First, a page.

Your Personal Guide to a Productive Work Week

What does it mean to be productive?

What do you, Beyonce, Bill Gates, the Dalai Lama and Tom Brady all have in common? Banks accounts? Swagger? Elite athletic abilities? The spiritual leadership of Tibet? So close. Answer: You all – we all – have 24 hours in each day.

Let this be the year you finally make the most of those precious 24 hours – both personally and professionally – with our free productivity guide today!

What is this productivity you speak of?

Employee Productivity aka “workforce productivity” is how workers are assessed as to their efficiency in the performance of their jobs. It is a particularly important consideration for organizations as most of the organization’s success relies directly upon the productivity of its workforce. How this is evaluated will depend upon the job requirements and industry, but generally it will be based on the output of the employee within a specified period of time. Often times, a worker’s productivity will be evaluated based on a related average of employees performing similar work.

Simply put, productiveness increases the overall efficiency of an organization. Typically, this will reflect that all resources are being utilized to their optimum performance levels. In an organization, increases in product output will result in lower overhead and in turn provides a higher profit. Conversely, when productivity is overlooked, the result will be seen in higher costs for production and reduced sales and profits.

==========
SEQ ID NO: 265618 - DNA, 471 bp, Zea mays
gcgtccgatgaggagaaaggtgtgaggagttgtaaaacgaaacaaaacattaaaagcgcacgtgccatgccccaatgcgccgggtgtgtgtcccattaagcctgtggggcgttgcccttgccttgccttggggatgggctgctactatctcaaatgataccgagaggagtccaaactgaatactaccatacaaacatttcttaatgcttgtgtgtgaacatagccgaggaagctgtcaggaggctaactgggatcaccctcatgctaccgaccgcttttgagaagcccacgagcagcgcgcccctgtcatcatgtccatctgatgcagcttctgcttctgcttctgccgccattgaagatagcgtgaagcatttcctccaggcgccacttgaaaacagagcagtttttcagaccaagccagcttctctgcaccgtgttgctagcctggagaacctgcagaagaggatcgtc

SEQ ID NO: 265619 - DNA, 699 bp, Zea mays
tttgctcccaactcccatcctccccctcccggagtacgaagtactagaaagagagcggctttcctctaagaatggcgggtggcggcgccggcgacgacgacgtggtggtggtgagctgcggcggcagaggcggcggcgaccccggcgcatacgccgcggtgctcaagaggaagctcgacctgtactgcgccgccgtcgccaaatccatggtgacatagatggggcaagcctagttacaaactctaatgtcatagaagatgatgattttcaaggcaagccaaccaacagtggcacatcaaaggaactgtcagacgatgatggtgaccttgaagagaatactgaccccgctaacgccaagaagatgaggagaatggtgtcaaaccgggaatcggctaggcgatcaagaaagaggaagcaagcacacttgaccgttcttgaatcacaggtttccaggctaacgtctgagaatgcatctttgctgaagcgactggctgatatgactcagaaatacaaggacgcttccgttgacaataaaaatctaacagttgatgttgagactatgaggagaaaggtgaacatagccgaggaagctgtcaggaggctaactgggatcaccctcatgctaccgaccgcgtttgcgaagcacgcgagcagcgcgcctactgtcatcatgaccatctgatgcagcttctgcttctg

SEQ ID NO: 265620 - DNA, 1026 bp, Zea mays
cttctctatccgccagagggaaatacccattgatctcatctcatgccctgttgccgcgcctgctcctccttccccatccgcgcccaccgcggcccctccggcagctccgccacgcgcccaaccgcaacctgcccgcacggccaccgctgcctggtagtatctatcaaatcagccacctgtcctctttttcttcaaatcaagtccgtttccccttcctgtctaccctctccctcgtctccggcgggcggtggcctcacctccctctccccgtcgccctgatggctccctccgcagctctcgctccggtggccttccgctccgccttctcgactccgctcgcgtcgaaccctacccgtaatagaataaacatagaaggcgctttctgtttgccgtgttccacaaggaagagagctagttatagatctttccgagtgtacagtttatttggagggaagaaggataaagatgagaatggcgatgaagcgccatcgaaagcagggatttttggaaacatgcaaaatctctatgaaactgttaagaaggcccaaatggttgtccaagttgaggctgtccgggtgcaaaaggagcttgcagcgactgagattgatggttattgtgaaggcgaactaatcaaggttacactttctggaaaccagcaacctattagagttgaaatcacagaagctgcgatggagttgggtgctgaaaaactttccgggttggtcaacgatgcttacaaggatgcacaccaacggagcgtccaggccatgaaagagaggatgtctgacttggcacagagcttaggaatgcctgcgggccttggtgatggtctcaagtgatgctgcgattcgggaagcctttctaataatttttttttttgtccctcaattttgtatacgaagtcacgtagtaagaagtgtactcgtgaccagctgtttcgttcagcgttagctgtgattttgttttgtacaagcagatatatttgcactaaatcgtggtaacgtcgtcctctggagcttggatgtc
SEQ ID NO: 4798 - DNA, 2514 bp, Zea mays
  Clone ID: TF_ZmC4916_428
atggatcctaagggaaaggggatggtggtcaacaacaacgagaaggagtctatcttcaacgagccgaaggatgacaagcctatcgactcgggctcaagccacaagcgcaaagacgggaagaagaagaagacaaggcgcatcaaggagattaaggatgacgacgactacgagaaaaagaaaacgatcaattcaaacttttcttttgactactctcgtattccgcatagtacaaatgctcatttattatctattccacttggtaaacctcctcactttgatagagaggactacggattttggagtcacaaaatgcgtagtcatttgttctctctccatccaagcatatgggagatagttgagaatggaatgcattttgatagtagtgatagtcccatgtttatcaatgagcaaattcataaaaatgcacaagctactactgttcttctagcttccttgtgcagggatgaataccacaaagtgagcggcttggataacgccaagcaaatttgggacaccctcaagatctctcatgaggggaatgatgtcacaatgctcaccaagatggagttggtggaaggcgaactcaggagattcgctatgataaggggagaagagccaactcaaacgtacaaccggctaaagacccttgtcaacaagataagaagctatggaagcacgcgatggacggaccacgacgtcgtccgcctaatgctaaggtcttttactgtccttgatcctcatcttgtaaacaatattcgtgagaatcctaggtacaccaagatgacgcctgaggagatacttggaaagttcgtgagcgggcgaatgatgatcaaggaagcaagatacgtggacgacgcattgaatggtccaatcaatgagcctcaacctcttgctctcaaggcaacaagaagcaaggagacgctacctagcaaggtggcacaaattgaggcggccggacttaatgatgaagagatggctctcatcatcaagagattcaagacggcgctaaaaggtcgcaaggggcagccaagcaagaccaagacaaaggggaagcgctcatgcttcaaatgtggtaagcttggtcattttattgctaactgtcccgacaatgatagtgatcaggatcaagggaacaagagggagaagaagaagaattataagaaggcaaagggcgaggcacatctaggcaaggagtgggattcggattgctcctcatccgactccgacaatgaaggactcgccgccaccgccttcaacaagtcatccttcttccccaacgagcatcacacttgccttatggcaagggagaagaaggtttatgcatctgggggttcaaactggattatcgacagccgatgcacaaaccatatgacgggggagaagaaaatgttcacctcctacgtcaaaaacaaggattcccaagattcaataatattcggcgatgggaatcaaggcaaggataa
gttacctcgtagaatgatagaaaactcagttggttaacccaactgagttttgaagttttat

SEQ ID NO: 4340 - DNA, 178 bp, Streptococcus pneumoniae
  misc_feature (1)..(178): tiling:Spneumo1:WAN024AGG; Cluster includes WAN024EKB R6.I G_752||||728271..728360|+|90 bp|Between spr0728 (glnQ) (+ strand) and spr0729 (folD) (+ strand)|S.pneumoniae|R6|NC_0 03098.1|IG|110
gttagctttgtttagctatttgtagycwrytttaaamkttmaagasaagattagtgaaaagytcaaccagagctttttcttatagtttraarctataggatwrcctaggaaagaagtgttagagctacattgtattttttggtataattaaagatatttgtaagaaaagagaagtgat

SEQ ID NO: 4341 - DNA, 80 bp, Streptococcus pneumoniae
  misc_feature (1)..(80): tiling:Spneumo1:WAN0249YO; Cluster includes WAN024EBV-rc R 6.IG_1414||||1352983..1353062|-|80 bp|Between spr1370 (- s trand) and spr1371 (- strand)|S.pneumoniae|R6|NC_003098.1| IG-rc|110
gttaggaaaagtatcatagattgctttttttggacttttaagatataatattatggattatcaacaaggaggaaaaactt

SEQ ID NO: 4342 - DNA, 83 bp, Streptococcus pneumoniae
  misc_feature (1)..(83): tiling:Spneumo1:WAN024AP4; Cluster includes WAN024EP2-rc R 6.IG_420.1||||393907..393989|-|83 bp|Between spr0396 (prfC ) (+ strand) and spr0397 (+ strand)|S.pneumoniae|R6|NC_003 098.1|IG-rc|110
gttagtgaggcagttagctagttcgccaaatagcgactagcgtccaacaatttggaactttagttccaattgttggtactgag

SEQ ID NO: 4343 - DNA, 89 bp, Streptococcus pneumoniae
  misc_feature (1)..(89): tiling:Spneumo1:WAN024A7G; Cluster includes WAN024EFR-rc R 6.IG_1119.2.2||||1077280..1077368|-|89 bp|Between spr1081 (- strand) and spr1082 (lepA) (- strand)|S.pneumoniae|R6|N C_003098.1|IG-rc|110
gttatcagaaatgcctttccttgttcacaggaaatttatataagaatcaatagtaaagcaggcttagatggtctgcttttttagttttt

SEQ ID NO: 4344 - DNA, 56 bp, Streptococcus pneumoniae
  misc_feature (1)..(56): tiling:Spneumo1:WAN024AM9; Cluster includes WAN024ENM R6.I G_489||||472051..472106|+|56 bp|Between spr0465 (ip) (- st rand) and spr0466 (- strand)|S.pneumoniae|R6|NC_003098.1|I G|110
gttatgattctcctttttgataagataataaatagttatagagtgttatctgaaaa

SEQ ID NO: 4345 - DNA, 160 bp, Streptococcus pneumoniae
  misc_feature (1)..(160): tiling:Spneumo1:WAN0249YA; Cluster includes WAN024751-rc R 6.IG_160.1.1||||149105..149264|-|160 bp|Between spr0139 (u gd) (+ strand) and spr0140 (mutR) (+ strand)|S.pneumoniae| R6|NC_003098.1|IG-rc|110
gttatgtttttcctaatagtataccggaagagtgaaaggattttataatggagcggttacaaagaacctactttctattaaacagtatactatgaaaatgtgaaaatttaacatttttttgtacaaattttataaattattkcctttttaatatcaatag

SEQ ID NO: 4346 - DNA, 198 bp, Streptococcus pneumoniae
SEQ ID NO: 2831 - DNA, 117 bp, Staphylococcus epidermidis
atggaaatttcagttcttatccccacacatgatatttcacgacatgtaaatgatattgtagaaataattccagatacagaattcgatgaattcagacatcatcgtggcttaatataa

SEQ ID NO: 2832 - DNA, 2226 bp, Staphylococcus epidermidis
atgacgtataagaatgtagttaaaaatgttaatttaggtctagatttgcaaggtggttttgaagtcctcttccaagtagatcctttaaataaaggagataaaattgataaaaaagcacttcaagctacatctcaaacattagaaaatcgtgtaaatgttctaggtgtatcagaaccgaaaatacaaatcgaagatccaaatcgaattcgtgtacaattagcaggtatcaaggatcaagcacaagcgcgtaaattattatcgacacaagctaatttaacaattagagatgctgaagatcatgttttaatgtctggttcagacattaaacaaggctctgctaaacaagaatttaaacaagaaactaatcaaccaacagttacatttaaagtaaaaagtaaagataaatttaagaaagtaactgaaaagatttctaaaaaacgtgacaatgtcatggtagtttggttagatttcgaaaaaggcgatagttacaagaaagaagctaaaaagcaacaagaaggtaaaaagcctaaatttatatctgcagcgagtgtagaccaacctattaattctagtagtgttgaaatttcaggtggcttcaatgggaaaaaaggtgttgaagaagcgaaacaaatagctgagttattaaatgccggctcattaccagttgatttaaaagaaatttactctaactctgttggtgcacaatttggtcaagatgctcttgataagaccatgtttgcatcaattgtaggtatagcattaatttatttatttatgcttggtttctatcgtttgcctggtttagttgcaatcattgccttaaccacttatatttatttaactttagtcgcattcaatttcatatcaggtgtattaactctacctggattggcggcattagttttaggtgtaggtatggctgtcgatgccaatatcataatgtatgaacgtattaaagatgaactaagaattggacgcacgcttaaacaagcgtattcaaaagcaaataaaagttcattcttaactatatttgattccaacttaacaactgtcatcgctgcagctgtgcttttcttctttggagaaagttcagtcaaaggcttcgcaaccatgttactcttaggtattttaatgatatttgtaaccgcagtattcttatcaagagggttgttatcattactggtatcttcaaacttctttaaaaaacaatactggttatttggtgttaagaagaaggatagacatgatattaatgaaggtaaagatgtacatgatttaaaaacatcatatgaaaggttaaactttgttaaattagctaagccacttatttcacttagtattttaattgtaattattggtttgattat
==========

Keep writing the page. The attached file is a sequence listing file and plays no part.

WHAT DOES THIS MEAN FOR PROFIT?

Focusing on productivity rather than solely on profits and revenues will often times result in a more successful company. The importance of this can never be ignored by the owner of an organization. While the main goal of the organization is profit, productiveness reaches further than profits. If tasks are being completed as efficiently as possible, payroll will decrease, employee morale increases, and customers will be attracted to the impression that your company is well-run.

Where do we start in establishing our organizations productivity though? The first place to look is right under your nose.

What Your Desk Says About Your State Of Mind

We all want to feel like we have everything together – that we know what our goals (both personal and work) are at all times, and that we are on task to completing or reaching them. Many of us use to-do lists, project management software, and other organizational applications to help keep us on track. But how many of us organize our desks, cars, offices, etc., like we do our task lists?

I was reading EntreLeadership by Dave Ramsey recently and he spoke about this topic. He says, “Your physical desktop represents the organizational condition of your mind and maybe even indicates the organizational condition of your whole company.” After I read this, I got up from where I was sitting and walked over to my desk. The image was quite terrifying. I asked myself how I had let it get to this. Every day in our work lives we are inundated by incoming projects and tasks, and if we are not good at delegating and organizing it can be overwhelming, and we lose control of our workspace. I realized at that moment that the state of my desk represented the organizational condition of my mind. I was running to tasks and projects in a reactive manner, instead of being intentional about my processes and long-term project goal completion.